Almirola (+109 above the cutoff line) remains the highest winless driver, with Kurt Busch (+108), Kyle Busch (+95) and DiBenedetto (+51) close behind. The bubble tightens for Bowyer (+36), while Johnson (+2) is in tough shape after his latest wreck.

Byron (-2), who entered the race 30 points to the good, took the biggest hit at Texas. Reddick (-14), currently 18th, made up 27 points after his career day. Erik Jones, who entered 42 points out, is now just 24 back after his sixth-place run.

What’s next?

Next race weekend might feel like it’s in reverse, with the Cup Series kicking things off on Thursday night at Kansas Speedway.

The Super Start Batteries 400 is the first and only scheduled Thursday night Cup Series race of the year, with the green flag set for 7:30 p.m. ET on NBCSN. It will be the first of two races at Kansas this season, with the second coming during the playoffs.

The Truck Series will race Friday night and Saturday afternoon in its first doubleheader of the season, while the sport’s Xfinity Series will conclude the weekend on Saturday evening.

About the author

Frontstretch columnist | Website

Logan Reardon, 23, has followed NASCAR since before he could talk. He's taken his passion for the sport and turned it into a budding writing career. Logan also works for NBC Sports as an editor and the Seattle Seahawks as a freelance writer. Follow him on Twitter at @LoganReardon20.

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Dillon thinks he outraced everyone. Ace lol good Lord.

Tom B

I don’t understand. Kyle Busch gets his Xfinity victory taken away for because the left rear quarter panel in a hair too low after the race, but Aric Almirola passes pre-race inspection without having brakes! How does NASCAR pass a car without brakes???

Bill B

I doubt they check for that. Not having brakes does not create a competitive advantage. Although, it could make you faster in the really, really short run. You know,,,, to that first corner.

Tom B

Thanks Bill, I understand the process, but do you see how this looks. It’s ok to have cars without brakes, but not competitive advantage cars. No advantage if your window net isn’t up, but you can’t race. Just pointing out the irony of the safety rules.


Welcome to the world of NA$CAR.

Bill B

Thanks to the train wreck ending, I can’t say the race was boring. Still, clean air dictating who was “fastest” and no tire wear is not my definition of a good race.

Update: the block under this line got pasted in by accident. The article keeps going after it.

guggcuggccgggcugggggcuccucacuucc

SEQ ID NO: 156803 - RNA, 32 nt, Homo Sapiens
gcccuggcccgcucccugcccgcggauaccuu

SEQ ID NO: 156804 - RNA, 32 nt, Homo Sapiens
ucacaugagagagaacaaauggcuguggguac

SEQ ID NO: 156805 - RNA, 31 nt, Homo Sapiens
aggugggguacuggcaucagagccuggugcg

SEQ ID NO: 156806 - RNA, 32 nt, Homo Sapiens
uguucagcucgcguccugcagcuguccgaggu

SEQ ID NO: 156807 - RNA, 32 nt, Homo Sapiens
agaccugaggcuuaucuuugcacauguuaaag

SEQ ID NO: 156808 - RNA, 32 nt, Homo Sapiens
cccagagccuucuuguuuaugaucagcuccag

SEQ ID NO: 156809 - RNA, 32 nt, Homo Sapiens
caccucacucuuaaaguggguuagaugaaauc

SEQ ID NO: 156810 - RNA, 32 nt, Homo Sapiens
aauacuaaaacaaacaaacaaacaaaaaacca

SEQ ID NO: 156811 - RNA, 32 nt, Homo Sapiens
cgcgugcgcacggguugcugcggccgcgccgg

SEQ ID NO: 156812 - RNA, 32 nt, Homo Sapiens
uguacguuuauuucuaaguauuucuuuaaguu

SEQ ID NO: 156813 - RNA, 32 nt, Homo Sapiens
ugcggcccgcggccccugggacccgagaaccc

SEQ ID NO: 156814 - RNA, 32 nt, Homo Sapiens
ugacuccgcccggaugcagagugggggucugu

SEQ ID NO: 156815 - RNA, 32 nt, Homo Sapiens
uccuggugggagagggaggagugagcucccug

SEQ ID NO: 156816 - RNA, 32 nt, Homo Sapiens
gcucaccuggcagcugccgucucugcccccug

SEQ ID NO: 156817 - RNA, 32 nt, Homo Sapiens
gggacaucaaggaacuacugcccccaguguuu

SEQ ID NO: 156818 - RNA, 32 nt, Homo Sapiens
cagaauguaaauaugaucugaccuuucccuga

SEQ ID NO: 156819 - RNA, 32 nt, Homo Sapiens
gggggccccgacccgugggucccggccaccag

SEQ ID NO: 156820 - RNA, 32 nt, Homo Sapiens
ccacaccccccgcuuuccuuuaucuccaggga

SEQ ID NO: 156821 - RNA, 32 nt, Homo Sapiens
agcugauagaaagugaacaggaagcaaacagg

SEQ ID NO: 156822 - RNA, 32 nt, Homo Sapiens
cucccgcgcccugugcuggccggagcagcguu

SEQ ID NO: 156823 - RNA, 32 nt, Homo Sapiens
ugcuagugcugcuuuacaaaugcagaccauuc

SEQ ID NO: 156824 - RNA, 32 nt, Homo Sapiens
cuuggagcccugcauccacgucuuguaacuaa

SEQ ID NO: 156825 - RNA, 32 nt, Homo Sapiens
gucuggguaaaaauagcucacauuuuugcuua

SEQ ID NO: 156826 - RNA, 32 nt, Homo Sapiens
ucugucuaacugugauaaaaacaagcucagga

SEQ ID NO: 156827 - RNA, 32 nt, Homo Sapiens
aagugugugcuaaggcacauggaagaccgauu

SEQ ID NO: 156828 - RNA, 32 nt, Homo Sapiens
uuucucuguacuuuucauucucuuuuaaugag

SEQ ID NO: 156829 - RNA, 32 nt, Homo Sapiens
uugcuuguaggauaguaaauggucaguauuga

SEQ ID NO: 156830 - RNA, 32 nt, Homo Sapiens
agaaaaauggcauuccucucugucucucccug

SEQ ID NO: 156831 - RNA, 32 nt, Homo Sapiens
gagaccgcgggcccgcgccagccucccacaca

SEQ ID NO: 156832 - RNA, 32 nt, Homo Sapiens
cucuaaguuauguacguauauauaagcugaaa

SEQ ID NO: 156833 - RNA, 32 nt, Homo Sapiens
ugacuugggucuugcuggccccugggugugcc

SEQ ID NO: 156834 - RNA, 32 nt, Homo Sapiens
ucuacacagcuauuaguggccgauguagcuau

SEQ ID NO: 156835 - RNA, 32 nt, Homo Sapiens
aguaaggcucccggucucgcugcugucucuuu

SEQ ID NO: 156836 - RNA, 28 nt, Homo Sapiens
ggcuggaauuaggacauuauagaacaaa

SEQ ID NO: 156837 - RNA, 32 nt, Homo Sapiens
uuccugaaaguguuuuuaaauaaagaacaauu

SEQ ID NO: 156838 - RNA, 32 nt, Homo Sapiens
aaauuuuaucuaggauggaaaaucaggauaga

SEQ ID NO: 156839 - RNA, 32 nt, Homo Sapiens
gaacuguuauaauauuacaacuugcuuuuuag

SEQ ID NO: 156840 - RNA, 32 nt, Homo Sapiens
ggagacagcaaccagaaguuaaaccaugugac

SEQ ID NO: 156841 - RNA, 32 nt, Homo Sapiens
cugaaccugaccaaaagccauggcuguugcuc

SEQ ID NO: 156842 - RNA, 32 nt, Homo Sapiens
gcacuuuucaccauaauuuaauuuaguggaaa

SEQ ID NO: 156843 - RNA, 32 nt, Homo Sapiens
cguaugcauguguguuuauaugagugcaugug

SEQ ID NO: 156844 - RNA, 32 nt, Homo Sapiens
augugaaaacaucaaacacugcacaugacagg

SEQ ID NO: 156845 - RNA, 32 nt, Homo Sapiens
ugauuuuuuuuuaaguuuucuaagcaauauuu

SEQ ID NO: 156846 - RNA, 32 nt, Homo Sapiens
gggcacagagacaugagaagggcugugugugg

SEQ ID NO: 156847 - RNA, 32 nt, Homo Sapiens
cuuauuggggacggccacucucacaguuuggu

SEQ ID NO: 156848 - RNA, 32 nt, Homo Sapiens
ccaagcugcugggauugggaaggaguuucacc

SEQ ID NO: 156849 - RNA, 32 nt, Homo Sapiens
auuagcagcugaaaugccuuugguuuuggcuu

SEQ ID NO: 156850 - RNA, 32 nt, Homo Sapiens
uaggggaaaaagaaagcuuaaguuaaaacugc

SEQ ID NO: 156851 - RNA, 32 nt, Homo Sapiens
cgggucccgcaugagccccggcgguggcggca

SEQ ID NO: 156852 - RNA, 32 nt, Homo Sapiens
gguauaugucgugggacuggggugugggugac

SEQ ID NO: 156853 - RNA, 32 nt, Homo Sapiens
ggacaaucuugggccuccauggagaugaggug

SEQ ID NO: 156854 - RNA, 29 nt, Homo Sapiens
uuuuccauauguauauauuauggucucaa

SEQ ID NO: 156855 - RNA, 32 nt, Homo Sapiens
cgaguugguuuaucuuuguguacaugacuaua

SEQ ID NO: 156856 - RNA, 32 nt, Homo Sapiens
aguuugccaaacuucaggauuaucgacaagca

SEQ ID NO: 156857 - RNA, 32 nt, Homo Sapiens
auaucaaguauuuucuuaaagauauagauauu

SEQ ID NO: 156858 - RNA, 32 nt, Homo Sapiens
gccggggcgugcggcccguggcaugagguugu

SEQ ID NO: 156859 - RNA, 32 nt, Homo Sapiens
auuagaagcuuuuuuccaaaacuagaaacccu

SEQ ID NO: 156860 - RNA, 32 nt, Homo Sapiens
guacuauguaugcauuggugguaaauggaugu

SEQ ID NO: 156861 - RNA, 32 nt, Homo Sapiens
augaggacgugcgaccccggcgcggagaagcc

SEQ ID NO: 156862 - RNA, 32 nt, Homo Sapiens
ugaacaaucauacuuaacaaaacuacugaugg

Not sure how I feel about Dillon winning. I usually root against him but seeing him f-up the cut line for the stupid chase almost makes it worth it.

I have liked Blaney from the start but he has finally turned the corner and is a contender week in and week out. Given how many laps he lead, I wanted him to win. However, he was the cause of that big wreck because he is the one that stacked up the field on that restart when he got loose. It didn’t help that Kyle Busch was so quick to try and take advantage of it by making it three wide.

Jimmy D

“It’s still highly unlikely, but drivers like Custer and Dillon aren’t totally safe just yet.” How exactly is that?


Because if there are more than 16 different winners, someone with a win is going to be left out


Quin Houff should get a really expensive Christmans present from Austin.


Agreed. Some of these drivers don’t belong in cup..


Even a blind squirrel finds an acorn, now and then. I’m tired of Aero racing: I’d like to see NASCAR get rid of the skirts and allow teams to tinker with the spoiler/splitter to try and gain mechanical advantage, like the old days. Let teams adjust shocks spoiler, splitters, etc. and explore ideas.


That would make the cars close to real “race” cars and the brain trust can’t do that because it would be admitting to Emperor Brian’s mistakes.


Really screws up the concept of “parity”. That being the Holy Grail of stock car racing for the past decade or so its not about to change.
I’ve always been curious was it to keep the manufacturers on board or giving all the top teams a lottery chance?

Bill B

I think striving for parity is just common sense. What incentive would a manufacturer, or a team/sponsor for that matter, have to plop down millions of dollars if they knew they were going to be at a disadvantage? Ford would have to pretty dumb to keep ponying up money every year if they thought Chevy had a significant advantage. I know fans always think that way but I don’t buy it. The only way to keep everyone willing to spend that kind of money is to strive for parity (or at least make everyone think you are).


What if every team in the NFL finished 8-8? What if every MLB team finished 81-81 (or 30-30)? There has to be a New England Patriot equivalent or New York Yankee team to get fans interested. Besides, nothing is ever a secret for long in any kind of real racing.